How to paint a realistic horse, Oil painting – Chuck Black Art

Chuck Black Art: I haven’t painted a horse in so long, but the process remains the same with anything that I do. More and more as I continue to learn and develop my methods, I tend to treat every subject I do in a similar way.
I like to break down what I’m painting into a language of textures. I try not to think about what I’m #painting, but rather what combinations of textures and #colors could help me achieve what I’m after.

So when it comes to something like this which I haven’t worked on in a while, there’s certainly a level of intimidation, but I’m learning to look past that and focus from a different perspective. I’m thrilled with how this came together and I hope you enjoy sharing this process with me in today’s video.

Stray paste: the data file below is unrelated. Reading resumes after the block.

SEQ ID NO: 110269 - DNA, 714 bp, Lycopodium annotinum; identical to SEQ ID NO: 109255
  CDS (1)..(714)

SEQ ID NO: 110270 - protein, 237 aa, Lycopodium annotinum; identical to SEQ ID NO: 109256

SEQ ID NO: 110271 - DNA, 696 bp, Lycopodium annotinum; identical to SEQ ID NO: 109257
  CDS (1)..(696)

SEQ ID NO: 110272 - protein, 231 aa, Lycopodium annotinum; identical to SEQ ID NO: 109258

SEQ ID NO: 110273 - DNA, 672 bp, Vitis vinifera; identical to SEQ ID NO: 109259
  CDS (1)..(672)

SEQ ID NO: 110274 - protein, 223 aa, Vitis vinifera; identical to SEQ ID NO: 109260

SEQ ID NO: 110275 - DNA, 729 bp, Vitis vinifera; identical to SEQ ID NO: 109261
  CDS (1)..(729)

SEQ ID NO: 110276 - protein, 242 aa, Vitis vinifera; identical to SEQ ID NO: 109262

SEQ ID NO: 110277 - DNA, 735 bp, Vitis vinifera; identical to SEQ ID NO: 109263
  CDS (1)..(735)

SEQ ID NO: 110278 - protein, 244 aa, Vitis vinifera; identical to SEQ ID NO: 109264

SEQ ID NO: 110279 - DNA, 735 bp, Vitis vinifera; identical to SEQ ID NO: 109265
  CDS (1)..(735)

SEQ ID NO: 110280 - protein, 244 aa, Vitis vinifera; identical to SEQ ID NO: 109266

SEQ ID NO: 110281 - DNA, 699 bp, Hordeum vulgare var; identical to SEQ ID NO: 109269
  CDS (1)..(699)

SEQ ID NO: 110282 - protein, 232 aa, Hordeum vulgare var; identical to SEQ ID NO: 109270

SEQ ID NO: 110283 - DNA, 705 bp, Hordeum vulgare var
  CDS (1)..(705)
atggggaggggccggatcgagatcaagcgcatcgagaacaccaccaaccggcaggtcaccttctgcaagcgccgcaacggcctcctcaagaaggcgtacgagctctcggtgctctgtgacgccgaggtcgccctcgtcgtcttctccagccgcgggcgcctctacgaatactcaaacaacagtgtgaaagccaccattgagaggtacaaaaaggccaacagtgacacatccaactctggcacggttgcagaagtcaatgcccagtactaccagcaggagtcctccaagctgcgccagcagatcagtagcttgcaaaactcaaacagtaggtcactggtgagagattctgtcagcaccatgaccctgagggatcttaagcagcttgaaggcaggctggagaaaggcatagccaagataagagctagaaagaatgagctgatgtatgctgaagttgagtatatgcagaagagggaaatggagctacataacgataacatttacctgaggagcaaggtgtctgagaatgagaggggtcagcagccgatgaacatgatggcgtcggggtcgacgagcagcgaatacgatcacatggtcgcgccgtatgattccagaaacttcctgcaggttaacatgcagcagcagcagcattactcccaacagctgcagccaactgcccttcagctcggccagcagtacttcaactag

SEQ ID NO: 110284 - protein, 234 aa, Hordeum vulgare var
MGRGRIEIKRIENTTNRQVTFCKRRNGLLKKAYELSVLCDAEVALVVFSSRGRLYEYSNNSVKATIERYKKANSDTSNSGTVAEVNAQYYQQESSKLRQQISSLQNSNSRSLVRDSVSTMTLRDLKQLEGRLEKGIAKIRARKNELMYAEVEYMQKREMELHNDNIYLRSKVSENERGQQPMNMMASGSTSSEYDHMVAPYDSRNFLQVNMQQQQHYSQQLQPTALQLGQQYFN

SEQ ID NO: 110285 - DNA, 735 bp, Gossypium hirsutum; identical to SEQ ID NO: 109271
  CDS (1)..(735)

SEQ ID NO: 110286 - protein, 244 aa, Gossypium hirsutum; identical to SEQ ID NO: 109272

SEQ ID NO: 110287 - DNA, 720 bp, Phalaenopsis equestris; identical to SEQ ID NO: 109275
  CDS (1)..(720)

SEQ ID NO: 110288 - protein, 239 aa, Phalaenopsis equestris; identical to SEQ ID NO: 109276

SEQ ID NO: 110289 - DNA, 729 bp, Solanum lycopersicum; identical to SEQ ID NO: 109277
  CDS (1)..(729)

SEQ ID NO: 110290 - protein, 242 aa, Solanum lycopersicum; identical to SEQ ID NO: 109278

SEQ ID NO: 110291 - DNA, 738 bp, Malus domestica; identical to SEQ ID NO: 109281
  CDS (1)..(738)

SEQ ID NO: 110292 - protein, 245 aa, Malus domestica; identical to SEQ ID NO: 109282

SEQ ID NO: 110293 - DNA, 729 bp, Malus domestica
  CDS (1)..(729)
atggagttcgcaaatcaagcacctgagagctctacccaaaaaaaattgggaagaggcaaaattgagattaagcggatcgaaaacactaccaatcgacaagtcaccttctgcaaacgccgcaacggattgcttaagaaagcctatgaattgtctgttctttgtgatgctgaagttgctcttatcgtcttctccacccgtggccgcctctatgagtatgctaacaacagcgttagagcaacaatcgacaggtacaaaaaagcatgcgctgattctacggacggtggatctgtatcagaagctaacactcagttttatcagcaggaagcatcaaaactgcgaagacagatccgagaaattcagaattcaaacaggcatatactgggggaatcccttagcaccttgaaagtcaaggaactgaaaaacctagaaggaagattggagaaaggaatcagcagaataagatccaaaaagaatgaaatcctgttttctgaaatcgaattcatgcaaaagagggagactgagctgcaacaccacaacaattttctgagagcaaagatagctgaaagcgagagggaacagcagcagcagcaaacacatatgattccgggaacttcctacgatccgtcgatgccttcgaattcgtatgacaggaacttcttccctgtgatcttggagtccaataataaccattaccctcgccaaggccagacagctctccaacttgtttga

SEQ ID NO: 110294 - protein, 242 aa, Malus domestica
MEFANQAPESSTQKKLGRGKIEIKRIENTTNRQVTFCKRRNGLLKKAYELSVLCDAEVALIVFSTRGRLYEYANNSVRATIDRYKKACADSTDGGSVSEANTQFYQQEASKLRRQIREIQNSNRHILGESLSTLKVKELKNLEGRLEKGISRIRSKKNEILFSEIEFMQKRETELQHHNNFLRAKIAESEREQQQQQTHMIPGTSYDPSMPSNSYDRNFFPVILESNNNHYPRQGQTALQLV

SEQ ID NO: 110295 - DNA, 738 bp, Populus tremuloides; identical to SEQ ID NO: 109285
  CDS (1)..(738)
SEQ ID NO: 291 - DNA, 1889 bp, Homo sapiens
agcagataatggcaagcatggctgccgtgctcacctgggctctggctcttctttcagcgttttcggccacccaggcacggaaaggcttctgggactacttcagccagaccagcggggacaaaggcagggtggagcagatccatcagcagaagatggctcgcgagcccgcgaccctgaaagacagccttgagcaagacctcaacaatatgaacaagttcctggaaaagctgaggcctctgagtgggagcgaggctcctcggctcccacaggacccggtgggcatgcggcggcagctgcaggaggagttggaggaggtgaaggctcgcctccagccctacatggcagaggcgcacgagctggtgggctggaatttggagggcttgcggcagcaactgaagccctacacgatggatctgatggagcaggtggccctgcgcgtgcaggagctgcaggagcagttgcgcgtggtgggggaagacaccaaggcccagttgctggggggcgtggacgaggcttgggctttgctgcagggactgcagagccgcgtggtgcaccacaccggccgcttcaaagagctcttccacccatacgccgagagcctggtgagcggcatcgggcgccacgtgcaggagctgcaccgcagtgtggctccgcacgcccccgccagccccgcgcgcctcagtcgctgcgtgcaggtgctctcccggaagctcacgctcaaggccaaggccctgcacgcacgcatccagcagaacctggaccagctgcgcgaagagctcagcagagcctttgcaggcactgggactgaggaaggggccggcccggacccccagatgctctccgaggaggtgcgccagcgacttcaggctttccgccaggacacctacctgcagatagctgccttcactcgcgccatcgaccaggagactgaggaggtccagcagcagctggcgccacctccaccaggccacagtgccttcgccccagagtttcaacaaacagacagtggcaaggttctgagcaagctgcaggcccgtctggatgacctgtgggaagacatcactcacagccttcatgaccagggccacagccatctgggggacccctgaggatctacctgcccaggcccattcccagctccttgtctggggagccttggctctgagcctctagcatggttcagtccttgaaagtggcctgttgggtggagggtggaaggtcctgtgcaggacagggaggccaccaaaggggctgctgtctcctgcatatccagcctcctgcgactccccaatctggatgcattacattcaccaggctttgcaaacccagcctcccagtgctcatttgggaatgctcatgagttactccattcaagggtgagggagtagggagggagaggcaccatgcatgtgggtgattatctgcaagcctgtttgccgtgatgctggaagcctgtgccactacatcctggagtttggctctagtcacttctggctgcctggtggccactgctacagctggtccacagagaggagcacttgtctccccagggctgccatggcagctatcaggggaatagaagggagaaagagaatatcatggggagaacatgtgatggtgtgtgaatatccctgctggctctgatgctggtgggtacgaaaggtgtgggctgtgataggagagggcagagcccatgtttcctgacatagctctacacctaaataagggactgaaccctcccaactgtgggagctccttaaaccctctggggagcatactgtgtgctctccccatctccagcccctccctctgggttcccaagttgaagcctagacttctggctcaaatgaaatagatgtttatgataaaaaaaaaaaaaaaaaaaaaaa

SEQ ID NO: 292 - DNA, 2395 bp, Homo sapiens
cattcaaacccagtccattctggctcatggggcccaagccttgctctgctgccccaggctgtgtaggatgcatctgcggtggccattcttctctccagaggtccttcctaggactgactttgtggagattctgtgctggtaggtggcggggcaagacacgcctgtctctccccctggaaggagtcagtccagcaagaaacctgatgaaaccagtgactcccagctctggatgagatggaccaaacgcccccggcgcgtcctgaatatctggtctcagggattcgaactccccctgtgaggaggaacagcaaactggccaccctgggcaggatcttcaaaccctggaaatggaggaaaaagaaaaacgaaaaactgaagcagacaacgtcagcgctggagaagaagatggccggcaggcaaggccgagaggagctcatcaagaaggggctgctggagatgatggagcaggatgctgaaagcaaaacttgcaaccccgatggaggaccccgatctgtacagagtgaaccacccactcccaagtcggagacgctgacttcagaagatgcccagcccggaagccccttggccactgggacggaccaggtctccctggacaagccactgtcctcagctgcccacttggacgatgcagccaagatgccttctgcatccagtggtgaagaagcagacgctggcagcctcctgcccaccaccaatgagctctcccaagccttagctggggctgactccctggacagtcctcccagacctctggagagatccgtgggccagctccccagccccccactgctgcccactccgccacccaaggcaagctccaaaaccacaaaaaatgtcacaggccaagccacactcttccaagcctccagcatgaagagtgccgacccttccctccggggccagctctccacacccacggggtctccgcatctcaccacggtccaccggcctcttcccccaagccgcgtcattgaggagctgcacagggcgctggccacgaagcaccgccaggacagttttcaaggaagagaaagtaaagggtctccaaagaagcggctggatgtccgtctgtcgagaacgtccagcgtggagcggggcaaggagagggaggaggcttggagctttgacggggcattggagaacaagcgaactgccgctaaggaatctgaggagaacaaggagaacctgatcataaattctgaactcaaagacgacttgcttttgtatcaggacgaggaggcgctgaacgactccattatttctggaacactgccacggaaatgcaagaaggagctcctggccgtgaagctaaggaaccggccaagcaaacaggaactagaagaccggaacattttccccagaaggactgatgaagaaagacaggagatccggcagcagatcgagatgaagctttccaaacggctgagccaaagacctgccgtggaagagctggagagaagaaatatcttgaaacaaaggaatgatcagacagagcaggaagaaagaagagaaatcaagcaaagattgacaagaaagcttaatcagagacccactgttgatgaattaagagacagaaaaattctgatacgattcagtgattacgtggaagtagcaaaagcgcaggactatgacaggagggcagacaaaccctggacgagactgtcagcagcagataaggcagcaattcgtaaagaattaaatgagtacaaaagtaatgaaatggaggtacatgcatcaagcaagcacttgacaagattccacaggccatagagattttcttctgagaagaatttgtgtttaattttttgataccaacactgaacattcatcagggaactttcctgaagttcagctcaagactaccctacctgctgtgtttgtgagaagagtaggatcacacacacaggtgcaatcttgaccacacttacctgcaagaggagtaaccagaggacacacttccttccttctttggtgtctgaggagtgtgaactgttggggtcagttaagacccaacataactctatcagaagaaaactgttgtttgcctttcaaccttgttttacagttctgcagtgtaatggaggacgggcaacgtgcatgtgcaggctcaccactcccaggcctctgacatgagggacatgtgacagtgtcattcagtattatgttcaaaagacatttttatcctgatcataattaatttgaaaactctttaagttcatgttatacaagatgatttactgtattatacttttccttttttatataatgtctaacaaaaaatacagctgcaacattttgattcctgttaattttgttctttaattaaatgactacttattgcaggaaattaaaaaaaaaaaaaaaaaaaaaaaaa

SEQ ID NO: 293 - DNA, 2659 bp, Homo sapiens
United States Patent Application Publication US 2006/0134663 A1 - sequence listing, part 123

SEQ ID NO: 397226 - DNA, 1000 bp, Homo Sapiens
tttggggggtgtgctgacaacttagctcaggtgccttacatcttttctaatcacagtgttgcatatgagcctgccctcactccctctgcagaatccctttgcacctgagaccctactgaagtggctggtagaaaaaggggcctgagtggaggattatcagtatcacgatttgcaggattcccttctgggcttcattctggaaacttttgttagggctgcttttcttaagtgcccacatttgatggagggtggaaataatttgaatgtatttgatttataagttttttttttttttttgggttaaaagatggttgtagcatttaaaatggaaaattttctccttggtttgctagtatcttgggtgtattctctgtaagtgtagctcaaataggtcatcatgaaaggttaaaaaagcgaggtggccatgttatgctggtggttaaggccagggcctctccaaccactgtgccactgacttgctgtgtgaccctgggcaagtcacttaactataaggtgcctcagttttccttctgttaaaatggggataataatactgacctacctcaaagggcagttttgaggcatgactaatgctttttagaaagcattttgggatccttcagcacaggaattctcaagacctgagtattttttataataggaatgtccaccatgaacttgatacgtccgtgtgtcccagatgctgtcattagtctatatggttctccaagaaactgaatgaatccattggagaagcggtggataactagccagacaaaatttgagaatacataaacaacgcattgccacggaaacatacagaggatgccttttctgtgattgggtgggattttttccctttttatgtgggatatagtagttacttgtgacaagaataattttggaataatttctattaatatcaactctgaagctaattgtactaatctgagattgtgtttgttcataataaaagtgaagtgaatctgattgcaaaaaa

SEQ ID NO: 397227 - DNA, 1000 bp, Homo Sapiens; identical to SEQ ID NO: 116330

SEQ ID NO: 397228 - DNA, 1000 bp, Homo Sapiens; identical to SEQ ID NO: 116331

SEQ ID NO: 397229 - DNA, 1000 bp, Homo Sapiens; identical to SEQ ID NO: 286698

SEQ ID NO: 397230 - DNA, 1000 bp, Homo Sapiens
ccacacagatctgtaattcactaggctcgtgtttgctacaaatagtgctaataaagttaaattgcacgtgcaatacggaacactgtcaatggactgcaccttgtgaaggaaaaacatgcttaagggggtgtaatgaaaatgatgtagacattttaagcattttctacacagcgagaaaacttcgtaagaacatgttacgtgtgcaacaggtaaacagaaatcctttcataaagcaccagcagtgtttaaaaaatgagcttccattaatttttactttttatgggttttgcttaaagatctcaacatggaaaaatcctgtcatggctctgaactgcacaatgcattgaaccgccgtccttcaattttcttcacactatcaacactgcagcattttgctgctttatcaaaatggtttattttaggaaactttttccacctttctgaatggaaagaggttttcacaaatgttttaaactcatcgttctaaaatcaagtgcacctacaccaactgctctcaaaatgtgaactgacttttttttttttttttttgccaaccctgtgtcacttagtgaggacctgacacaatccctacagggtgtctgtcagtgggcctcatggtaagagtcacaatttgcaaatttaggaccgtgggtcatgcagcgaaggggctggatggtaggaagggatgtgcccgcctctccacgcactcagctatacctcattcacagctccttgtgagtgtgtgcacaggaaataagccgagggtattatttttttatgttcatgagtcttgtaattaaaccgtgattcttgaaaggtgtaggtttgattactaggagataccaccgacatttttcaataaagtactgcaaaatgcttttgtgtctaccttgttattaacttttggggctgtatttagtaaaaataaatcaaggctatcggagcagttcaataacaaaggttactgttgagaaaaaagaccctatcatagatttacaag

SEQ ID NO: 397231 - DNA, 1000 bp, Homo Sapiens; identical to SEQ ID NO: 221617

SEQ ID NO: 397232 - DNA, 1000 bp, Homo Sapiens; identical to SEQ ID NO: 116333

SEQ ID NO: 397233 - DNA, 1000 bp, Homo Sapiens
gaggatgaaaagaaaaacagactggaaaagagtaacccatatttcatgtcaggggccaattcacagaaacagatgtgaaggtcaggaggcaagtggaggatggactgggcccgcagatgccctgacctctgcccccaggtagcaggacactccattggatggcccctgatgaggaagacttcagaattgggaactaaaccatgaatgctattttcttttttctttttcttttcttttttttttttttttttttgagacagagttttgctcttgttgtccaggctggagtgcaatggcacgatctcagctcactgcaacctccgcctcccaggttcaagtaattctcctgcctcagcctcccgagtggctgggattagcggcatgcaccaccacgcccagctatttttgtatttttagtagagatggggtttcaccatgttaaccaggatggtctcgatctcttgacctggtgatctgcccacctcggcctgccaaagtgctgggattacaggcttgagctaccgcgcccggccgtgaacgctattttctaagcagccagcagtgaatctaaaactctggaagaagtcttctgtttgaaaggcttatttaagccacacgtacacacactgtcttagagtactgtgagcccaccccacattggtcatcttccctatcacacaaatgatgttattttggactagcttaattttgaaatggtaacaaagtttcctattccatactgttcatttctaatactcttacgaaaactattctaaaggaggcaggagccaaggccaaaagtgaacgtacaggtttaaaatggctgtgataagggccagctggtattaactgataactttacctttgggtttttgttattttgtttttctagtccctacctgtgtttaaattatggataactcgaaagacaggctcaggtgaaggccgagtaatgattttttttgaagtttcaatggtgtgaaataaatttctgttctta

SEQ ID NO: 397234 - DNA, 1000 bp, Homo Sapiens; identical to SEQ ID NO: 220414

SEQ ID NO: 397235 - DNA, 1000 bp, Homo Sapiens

I painting most of this wet in wet. My initial layer of paint was acrylics for a thin wash/base. The second layer was in oils and I completed the entire layer over about a week. I would segment an area and paint that all in one go. I had to feather each wet area into the previous one that began to dry each day, but I did not overlap.

Once the entire layer was done and dried, I returned to the painting to add a few adjustments and tweak some colors which I did in one day using one layer essentially. I painted most of this piece using a dagger striper brush:

Here is a list of the #art supplies I use to create:

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Thanks for watching! (:


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